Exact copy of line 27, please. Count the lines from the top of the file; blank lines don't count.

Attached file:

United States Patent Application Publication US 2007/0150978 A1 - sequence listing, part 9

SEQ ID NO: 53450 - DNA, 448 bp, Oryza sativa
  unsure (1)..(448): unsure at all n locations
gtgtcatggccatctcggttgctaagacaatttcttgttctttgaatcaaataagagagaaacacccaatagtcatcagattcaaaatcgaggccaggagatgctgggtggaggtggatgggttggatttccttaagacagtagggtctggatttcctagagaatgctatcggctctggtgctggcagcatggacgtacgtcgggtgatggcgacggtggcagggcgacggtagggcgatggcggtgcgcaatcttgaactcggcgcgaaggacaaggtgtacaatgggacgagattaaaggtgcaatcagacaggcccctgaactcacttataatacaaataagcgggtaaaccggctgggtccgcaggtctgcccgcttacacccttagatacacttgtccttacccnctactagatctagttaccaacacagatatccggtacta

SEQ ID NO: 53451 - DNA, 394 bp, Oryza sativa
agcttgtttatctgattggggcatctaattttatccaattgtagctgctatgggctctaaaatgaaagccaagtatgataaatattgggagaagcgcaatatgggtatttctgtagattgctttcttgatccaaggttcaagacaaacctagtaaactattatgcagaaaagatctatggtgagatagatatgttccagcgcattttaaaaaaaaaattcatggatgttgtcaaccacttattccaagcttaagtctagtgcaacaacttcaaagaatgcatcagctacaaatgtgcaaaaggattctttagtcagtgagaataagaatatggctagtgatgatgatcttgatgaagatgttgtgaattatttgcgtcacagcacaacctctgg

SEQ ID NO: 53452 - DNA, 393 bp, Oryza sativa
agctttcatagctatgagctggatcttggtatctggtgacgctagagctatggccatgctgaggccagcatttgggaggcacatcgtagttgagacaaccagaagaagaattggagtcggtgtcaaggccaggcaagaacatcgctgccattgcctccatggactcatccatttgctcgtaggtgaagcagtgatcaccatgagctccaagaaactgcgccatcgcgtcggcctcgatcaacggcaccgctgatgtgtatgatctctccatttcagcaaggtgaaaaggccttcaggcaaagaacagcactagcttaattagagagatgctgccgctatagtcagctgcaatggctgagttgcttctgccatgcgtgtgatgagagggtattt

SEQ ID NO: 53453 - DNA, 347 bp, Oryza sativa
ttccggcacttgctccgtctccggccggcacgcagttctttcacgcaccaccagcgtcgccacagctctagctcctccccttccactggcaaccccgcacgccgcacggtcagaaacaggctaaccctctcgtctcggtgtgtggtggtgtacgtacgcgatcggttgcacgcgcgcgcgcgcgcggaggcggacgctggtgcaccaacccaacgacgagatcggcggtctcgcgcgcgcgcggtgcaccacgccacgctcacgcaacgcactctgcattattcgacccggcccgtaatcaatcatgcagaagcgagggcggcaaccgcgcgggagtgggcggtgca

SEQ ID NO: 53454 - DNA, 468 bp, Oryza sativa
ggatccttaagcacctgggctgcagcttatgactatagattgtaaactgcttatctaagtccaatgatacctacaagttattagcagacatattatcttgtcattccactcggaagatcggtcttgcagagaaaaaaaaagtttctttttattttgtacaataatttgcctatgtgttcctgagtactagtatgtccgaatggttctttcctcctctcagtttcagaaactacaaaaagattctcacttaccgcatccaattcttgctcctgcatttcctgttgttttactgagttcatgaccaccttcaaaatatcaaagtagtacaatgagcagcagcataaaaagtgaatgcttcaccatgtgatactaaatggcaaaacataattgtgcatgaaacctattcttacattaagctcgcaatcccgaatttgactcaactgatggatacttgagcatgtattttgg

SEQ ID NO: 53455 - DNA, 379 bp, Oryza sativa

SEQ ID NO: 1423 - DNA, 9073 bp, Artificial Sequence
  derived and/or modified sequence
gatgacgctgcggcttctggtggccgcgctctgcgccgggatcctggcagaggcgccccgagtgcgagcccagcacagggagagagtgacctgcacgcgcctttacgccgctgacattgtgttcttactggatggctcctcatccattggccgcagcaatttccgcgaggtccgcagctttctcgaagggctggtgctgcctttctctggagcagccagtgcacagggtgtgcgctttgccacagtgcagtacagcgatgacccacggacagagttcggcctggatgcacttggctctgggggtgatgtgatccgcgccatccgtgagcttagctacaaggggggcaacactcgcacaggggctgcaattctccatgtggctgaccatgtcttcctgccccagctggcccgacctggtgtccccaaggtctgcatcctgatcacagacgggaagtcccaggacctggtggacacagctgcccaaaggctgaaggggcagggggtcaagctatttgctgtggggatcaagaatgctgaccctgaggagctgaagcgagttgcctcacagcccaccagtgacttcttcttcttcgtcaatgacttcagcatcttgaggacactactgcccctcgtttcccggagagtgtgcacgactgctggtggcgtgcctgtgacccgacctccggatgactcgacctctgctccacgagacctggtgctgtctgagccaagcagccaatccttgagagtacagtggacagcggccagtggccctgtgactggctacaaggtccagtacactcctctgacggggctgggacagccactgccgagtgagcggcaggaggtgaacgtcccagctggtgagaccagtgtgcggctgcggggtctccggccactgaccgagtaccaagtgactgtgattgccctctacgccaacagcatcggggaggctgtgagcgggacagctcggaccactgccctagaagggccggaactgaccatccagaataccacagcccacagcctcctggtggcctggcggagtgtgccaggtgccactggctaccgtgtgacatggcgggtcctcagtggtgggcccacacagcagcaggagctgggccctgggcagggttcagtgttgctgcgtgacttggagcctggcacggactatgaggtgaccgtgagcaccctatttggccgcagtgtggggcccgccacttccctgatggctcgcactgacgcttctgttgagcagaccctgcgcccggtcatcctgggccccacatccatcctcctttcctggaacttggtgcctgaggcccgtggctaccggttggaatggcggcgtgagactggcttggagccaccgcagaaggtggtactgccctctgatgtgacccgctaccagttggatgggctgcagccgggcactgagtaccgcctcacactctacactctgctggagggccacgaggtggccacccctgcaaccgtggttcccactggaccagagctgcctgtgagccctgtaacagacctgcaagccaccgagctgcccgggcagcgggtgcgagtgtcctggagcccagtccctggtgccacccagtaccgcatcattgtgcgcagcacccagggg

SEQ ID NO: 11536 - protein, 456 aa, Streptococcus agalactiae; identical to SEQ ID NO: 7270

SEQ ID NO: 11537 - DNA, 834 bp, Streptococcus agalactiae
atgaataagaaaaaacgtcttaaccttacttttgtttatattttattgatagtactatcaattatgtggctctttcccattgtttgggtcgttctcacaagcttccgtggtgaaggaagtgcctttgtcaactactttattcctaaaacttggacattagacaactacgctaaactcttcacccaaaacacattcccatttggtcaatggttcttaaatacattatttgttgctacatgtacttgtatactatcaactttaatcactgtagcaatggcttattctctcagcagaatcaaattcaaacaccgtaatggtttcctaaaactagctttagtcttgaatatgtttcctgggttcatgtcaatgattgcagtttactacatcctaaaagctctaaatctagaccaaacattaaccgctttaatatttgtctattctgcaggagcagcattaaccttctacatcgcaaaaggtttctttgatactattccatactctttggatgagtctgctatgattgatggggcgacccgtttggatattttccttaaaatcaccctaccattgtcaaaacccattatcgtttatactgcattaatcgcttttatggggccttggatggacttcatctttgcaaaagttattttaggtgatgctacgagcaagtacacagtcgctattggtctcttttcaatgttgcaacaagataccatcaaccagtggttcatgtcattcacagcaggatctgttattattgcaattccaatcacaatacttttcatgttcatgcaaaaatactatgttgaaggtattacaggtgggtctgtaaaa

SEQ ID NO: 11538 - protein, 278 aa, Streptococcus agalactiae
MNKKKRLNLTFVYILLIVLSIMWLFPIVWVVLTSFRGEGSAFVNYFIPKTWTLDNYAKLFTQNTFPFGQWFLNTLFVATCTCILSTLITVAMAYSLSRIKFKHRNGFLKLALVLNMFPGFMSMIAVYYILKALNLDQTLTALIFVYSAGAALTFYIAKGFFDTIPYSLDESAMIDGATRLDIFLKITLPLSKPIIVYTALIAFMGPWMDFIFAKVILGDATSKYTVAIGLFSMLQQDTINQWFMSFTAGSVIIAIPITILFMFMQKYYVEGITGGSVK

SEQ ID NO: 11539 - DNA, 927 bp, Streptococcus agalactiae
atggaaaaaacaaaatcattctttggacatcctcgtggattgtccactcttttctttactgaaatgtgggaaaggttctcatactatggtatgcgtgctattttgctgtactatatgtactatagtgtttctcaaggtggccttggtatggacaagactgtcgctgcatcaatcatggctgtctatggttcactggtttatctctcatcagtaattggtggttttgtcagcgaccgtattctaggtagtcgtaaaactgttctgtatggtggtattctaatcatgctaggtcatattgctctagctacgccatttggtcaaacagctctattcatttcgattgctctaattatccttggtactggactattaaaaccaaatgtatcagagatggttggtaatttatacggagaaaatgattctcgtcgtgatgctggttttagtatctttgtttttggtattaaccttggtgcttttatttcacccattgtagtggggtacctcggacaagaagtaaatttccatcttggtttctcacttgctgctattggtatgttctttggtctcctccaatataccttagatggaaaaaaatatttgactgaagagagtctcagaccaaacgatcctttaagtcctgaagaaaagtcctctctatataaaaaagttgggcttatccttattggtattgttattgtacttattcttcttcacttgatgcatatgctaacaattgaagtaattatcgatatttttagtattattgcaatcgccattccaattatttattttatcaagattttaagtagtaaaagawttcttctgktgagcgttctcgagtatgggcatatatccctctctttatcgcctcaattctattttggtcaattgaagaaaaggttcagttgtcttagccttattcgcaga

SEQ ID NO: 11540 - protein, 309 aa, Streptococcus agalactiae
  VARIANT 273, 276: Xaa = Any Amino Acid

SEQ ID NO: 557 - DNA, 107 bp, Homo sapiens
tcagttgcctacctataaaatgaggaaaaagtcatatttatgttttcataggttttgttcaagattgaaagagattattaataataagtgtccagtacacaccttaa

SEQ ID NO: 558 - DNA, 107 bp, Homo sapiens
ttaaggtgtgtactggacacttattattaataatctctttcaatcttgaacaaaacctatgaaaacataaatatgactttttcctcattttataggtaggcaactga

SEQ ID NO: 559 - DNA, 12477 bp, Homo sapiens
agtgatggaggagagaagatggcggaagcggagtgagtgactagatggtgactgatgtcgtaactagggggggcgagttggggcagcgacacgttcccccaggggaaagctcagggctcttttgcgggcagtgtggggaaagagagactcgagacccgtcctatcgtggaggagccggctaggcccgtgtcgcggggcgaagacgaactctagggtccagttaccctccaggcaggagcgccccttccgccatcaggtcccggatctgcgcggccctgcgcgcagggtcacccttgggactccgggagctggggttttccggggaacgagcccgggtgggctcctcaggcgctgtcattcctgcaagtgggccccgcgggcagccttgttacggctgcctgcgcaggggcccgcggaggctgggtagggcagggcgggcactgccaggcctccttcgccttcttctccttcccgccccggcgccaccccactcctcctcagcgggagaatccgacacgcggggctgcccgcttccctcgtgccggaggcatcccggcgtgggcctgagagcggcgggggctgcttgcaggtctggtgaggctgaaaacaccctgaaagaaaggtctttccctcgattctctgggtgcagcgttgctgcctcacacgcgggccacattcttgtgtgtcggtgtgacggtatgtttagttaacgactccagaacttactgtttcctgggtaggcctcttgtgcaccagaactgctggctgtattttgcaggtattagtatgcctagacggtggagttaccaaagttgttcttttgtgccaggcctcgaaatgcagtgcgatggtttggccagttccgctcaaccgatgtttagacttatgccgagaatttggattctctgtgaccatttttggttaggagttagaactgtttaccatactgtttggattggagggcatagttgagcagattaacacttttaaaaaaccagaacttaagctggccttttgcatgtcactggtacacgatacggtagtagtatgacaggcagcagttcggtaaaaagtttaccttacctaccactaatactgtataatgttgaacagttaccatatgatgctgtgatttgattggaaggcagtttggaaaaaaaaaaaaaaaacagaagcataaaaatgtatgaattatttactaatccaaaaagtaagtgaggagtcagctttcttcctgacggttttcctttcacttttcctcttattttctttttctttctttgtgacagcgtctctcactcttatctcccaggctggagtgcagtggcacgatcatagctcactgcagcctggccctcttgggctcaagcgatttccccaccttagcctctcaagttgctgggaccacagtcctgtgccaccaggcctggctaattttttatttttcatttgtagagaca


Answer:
tcagttgcctacctataaaatgaggaaaaagtcatatttatgttttcataggttttgttcaagattgaaagagattattaataataagtgtccagtacacaccttaa